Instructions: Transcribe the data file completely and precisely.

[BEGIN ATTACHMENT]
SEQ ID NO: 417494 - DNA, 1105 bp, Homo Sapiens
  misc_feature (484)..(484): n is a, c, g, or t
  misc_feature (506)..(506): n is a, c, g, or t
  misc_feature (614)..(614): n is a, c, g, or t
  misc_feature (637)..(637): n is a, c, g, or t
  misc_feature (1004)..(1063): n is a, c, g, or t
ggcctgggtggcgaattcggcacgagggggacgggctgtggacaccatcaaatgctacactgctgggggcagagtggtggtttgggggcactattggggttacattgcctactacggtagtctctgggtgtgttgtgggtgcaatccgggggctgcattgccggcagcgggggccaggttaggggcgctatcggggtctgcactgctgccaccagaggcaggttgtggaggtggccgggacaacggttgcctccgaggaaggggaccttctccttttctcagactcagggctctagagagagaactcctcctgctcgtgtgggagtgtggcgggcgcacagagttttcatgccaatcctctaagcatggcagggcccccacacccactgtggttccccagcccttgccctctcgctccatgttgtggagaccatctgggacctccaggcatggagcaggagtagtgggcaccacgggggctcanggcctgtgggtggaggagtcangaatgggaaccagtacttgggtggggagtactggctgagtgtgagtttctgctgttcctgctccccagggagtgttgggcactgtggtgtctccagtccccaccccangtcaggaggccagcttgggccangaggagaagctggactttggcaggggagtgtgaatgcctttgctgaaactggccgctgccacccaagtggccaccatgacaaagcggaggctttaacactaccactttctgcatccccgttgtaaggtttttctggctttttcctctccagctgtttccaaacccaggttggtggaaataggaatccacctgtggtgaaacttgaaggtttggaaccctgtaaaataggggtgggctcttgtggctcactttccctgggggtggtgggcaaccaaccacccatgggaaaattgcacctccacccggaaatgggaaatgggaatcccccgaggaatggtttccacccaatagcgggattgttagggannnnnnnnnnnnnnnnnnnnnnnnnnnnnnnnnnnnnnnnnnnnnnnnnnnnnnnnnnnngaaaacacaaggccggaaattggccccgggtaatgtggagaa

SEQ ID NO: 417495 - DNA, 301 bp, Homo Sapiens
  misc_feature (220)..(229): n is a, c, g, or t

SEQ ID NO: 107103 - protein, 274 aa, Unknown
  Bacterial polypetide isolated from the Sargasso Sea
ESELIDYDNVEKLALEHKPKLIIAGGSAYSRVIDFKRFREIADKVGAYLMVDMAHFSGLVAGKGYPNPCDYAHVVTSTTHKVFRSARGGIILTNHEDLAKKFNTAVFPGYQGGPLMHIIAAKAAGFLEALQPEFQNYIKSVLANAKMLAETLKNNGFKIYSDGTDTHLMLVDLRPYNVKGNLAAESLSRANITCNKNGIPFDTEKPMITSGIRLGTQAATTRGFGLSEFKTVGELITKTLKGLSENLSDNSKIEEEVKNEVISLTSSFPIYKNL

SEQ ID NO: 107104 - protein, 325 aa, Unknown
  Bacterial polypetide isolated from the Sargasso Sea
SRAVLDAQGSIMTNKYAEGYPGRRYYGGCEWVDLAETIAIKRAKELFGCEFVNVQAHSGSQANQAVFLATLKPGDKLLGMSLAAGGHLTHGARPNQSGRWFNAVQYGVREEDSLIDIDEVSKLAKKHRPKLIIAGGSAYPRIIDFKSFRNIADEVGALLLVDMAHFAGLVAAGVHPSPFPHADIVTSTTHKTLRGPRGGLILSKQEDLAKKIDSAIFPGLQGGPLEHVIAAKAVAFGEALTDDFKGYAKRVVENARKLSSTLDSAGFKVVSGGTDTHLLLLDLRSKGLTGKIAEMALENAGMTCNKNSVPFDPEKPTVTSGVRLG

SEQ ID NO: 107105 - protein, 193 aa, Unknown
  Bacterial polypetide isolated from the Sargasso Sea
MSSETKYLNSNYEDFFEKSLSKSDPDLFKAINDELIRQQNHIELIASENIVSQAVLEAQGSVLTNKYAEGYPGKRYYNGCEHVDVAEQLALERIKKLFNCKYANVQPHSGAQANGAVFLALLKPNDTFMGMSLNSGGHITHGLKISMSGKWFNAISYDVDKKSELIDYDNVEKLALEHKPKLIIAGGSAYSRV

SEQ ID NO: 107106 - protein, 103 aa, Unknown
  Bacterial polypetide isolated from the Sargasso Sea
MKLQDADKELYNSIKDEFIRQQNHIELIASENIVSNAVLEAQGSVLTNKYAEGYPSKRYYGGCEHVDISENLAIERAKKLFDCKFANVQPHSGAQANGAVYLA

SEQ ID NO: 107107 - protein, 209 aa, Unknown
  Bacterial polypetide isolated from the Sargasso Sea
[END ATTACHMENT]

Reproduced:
SEQ ID NO: 417494 - DNA, 1105 bp, Homo Sapiens
  misc_feature (484)..(484): n is a, c, g, or t
  misc_feature (506)..(506): n is a, c, g, or t
  misc_feature (614)..(614): n is a, c, g, or t
  misc_feature (637)..(637): n is a, c, g, or t
  misc_feature (1004)..(1063): n is a, c, g, or t
ggcctgggtggcgaattcggcacgagggggacgggctgtggacaccatcaaatgctacactgctgggggcagagtggtggtttgggggcactattggggttacattgcctactacggtagtctctgggtgtgttgtgggtgcaatccgggggctgcattgccggcagcgggggccaggttaggggcgctatcggggtctgcactgctgccaccagaggcaggttgtggaggtggccgggacaacggttgcctccgaggaaggggaccttctccttttctcagactcagggctctagagagagaactcctcctgctcgtgtgggagtgtggcgggcgcacagagttttcatgccaatcctctaagcatggcagggcccccacacccactgtggttccccagcccttgccctctcgctccatgttgtggagaccatctgggacctccaggcatggagcaggagtagtgggcaccacgggggctcanggcctgtgggtggaggagtcangaatgggaaccagtacttgggtggggagtactggctgagtgtgagtttctgctgttcctgctccccagggagtgttgggcactgtggtgtctccagtccccaccccangtcaggaggccagcttgggccangaggagaagctggactttggcaggggagtgtgaatgcctttgctgaaactggccgctgccacccaagtggccaccatgacaaagcggaggctttaacactaccactttctgcatccccgttgtaaggtttttctggctttttcctctccagctgtttccaaacccaggttggtggaaataggaatccacctgtggtgaaacttgaaggtttggaaccctgtaaaataggggtgggctcttgtggctcactttccctgggggtggtgggcaaccaaccacccatgggaaaattgcacctccacccggaaatgggaaatgggaatcccccgaggaatggtttccacccaatagcgggattgttagggannnnnnnnnnnnnnnnnnnnnnnnnnnnnnnnnnnnnnnnnnnnnnnnnnnnnnnnnnnngaaaacacaaggccggaaattggccccgggtaatgtggagaa

SEQ ID NO: 417495 - DNA, 301 bp, Homo Sapiens
  misc_feature (220)..(229): n is a, c, g, or t

SEQ ID NO: 107103 - protein, 274 aa, Unknown
  Bacterial polypetide isolated from the Sargasso Sea
ESELIDYDNVEKLALEHKPKLIIAGGSAYSRVIDFKRFREIADKVGAYLMVDMAHFSGLVAGKGYPNPCDYAHVVTSTTHKVFRSARGGIILTNHEDLAKKFNTAVFPGYQGGPLMHIIAAKAAGFLEALQPEFQNYIKSVLANAKMLAETLKNNGFKIYSDGTDTHLMLVDLRPYNVKGNLAAESLSRANITCNKNGIPFDTEKPMITSGIRLGTQAATTRGFGLSEFKTVGELITKTLKGLSENLSDNSKIEEEVKNEVISLTSSFPIYKNL

SEQ ID NO: 107104 - protein, 325 aa, Unknown
  Bacterial polypetide isolated from the Sargasso Sea
SRAVLDAQGSIMTNKYAEGYPGRRYYGGCEWVDLAETIAIKRAKELFGCEFVNVQAHSGSQANQAVFLATLKPGDKLLGMSLAAGGHLTHGARPNQSGRWFNAVQYGVREEDSLIDIDEVSKLAKKHRPKLIIAGGSAYPRIIDFKSFRNIADEVGALLLVDMAHFAGLVAAGVHPSPFPHADIVTSTTHKTLRGPRGGLILSKQEDLAKKIDSAIFPGLQGGPLEHVIAAKAVAFGEALTDDFKGYAKRVVENARKLSSTLDSAGFKVVSGGTDTHLLLLDLRSKGLTGKIAEMALENAGMTCNKNSVPFDPEKPTVTSGVRLG

SEQ ID NO: 107105 - protein, 193 aa, Unknown
  Bacterial polypetide isolated from the Sargasso Sea
MSSETKYLNSNYEDFFEKSLSKSDPDLFKAINDELIRQQNHIELIASENIVSQAVLEAQGSVLTNKYAEGYPGKRYYNGCEHVDVAEQLALERIKKLFNCKYANVQPHSGAQANGAVFLALLKPNDTFMGMSLNSGGHITHGLKISMSGKWFNAISYDVDKKSELIDYDNVEKLALEHKPKLIIAGGSAYSRV

SEQ ID NO: 107106 - protein, 103 aa, Unknown
  Bacterial polypetide isolated from the Sargasso Sea
MKLQDADKELYNSIKDEFIRQQNHIELIASENIVSNAVLEAQGSVLTNKYAEGYPSKRYYGGCEHVDISENLAIERAKKLFDCKFANVQPHSGAQANGAVYLA

SEQ ID NO: 107107 - protein, 209 aa, Unknown
  Bacterial polypetide isolated from the Sargasso Sea